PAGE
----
The door makes that oh-so-solid thunk upon closing, you turn the key, and the engine catches right away. You drop the transmission into reverse and start out of the garage, excited to enjoy your first drive after that big rebuild. Then you see it—the 20-foot-long oil slick following you out of the garage because you didn’t tighten that one fiddly bolt. It was a simple step in the process, and one you could have sworn you didn’t forget.
But you did.
You can wake up now. That was only a nightmare. At least, it will only be a nightmare if you track your projects accurately. A running to-do list may seem like a double-edged sword; organization is great, but a litany of tasks makes the finished product seem hopelessly far away. However, it’s a challenge worth embracing. Here are five ways that a to-do list can make your time in the garage even more rewarding—especially if you have multiple projects running at once.
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I always have a 6x9" coil notebook for every project. I write everything down as I am doing it. Part numbers and orders. Every bolt torqued down. Sketches of how things are laid out. Wire diagrams. Everything. Later when I wonder did I do something I can look back and see that I did. I might end up with a 100 pages. Plus very important, DATE EVERYTHING including the year.
And going one step deeper, if it is a healthy project, break your list into parts as well as list everything separately. I've found that over the years that if I make my lists so that there are plenty of 15 minute jobs, even if I "only have" 15 minutes or I'm really not feeling it that day. I can get in there with the purpose of only doing that one 15 minute job and then I stick to it and next thing I know I've five 15 minute jobs done and I have an awesome sense of accomplishment. For install headlights I'll have 10 entries. So don't just have "put door back together", list each part of it. Yes it makes your list way longer but, it allows you time to think about how things "should" to go back together and in what order. I'll have an easy 5 pages on a simple project.
Long ago in my youth, it used to amuse me when I'd see an older person had a to-do list. Then I worked in a racecar & restoration shop, where every car had pages of to-do items taped to it. In that world, something overlooked ranges from embarrassment to tragedy. The wisdom of The List was immediately apparent, and I've done that ever since, on everything.
After I got my 66 Mustang back from paint I had 3 months to get it back together before the 2019 Mustang 55th at Charlotte. I took a file folder and listed the 'must do' on the front, the really should do next and so on until all 4 sides were filled with 'to do'. If I had to wait on parts I'd find another task. In the end I finished all but two 'I'd like to do' items before the show in Charlotte. The list worked well and kept me focused and gave me small 'wins' when I crossed one off.
Also for the sake of your general mood and daily obscenity count at any time, let pessimism always, and I mean ALWAYS rule the day.
There are rules that should be branded onto our car loving souls and they are 1) Tasks are never as easy as they should be. 2) Tasks always take longer than they should. 3) Projects are always more expensive than originally planned.
If once in a great while the gods of mischief are asleep and you do not waken them, and one of those 3 rules doesn't apply, just quietly go on to the next task... no victory dances!
Follow this advice with zen like focus and you may just finish that project with your general sanity intact...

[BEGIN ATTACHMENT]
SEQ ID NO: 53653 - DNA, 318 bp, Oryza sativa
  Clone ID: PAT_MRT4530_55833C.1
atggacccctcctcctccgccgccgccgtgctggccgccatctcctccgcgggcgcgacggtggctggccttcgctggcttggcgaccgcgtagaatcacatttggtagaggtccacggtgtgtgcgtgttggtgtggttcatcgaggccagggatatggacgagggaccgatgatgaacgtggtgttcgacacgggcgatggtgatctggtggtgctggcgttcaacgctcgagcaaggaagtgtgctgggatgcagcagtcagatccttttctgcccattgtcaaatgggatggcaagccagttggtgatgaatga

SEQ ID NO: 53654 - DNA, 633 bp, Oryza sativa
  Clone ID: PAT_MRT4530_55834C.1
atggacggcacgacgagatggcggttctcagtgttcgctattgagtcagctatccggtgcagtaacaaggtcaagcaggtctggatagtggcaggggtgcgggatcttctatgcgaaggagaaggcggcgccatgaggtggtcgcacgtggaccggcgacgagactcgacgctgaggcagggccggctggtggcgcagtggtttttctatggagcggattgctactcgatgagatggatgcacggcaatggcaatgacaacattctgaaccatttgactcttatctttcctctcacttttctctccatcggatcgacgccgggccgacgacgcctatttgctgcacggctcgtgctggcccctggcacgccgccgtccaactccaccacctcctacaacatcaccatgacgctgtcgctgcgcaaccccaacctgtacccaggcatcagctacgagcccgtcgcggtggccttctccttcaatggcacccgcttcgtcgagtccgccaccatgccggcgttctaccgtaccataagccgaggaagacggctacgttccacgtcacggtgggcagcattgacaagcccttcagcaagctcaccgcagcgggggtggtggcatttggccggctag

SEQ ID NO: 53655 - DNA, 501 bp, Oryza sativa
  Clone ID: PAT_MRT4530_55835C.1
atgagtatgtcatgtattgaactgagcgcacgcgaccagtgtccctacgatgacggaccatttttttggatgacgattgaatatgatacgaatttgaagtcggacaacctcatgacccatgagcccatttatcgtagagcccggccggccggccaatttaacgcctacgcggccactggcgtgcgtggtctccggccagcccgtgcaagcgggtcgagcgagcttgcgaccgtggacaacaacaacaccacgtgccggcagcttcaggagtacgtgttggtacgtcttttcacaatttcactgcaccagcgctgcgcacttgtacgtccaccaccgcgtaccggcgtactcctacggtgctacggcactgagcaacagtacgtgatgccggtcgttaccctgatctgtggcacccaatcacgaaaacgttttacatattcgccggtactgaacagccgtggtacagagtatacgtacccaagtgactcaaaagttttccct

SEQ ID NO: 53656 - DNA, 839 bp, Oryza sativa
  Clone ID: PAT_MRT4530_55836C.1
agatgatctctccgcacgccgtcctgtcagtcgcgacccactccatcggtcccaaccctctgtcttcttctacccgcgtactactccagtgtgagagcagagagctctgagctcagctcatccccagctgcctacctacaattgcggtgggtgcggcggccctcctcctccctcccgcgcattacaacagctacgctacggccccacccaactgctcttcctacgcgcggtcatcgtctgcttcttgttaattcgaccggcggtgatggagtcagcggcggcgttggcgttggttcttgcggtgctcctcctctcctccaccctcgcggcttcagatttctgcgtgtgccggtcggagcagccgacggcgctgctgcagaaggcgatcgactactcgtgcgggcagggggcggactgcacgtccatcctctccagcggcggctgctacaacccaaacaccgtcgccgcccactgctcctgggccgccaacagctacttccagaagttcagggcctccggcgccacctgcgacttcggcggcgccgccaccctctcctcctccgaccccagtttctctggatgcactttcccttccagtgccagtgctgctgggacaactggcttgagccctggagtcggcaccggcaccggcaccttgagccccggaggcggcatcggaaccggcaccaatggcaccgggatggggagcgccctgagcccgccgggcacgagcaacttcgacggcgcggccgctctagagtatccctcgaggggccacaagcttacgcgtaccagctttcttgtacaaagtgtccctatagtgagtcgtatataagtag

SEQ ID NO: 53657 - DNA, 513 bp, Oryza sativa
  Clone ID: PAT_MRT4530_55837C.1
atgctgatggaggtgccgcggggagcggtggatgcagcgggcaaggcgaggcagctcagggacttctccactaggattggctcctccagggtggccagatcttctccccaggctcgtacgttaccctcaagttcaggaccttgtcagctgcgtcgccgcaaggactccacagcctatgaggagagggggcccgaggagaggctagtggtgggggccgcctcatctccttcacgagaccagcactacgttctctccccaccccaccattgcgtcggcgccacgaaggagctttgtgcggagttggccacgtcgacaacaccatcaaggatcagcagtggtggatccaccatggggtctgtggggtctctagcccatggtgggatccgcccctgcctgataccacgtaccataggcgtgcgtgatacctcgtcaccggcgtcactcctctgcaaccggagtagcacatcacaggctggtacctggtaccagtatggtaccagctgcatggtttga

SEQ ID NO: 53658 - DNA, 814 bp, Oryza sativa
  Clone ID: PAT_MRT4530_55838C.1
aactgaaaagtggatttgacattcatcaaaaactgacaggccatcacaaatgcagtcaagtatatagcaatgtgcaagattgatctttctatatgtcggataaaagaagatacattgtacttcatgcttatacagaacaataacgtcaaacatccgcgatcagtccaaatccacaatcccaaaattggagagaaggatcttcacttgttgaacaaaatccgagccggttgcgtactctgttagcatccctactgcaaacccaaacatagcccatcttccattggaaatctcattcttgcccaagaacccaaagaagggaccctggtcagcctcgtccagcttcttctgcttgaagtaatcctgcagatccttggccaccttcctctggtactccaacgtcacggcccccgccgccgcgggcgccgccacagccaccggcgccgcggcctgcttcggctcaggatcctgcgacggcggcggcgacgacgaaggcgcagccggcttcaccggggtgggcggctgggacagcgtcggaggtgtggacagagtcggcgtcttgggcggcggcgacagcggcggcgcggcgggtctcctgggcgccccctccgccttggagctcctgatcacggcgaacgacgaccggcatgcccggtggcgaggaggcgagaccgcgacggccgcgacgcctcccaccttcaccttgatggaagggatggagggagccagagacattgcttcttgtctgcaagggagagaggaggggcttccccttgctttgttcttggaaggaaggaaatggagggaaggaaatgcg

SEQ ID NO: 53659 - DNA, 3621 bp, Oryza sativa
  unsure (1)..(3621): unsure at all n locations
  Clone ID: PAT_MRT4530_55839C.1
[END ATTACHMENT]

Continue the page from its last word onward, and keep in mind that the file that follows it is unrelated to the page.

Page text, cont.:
This system works for me. For a complicated task I will break down the individual steps ahead of time, then review before I start. Many times the way I thought I would attack a repair got changed before I even started (on review), rather then when I was arms deep in the engine bay.
In the car world we get fooled on this every time you read a repair manual>
"Step 1: Remove engine."...
Sense of accomplishment instead of being overwhelmed.
That's the same advice for those of us with ADD.
I run an IT department and what was described in the article is loosely a Kanban style of Agile project management. I recently started applying this method to my car projects and it works!
Imagine 3 columns: To Do, Working On, and Done. The goal is about “Flow” - move Things from left to right, never allowing the “working on” column to exceed 2 or 3 things at any one time. It’s about getting things done so only when you Finish one task, grab a new one. Haven’t finished? Do that first so you are always making progress and completing tasks. KEY POINT: Break things down so there is constant flow and constant personal reward to keep going. For example “paint car” doesn’t work. But something like: remove front clip, send to have stripped, epoxy fenders, fix dents & rust in fenders, Apply primer filler, block sand, etc etc. ... smaller task to keep the flow going. Every time you walk out to the garage something is accomplished. Discouraged? Look at the done column - see how you’ve progressed.
Trust me, I know it sounds like a lot of extra work, but what happens is the focus and motivation levels change, you know exactly what to do, feel good about what was done, so in the end — you are much farther down the project road than if you Hadn’t taken this “extra” step.
There are lots of free software to do this or even better, do what Toyota does - they liters have a bunch of post it notes on a wall with tape lines for columns.
it has changed how I work in my garage.
I got fooled, did a complete overhaul of my Model A engine but did not check the manifolds for flay/level, they seemed to be OK. Well, 600 miles and # 4 at the rear was puked and noisy, back to drawing board ~~ Took it off, worked it down flat using a heavy flat steel with light paint on it, kept hand grinding down the high spots 'till we had it looking really good, it's back on and sealed, lucky I had the gaskets. Lesson here is: Do things as you go, do it right the first time, saves a ton of time and misery.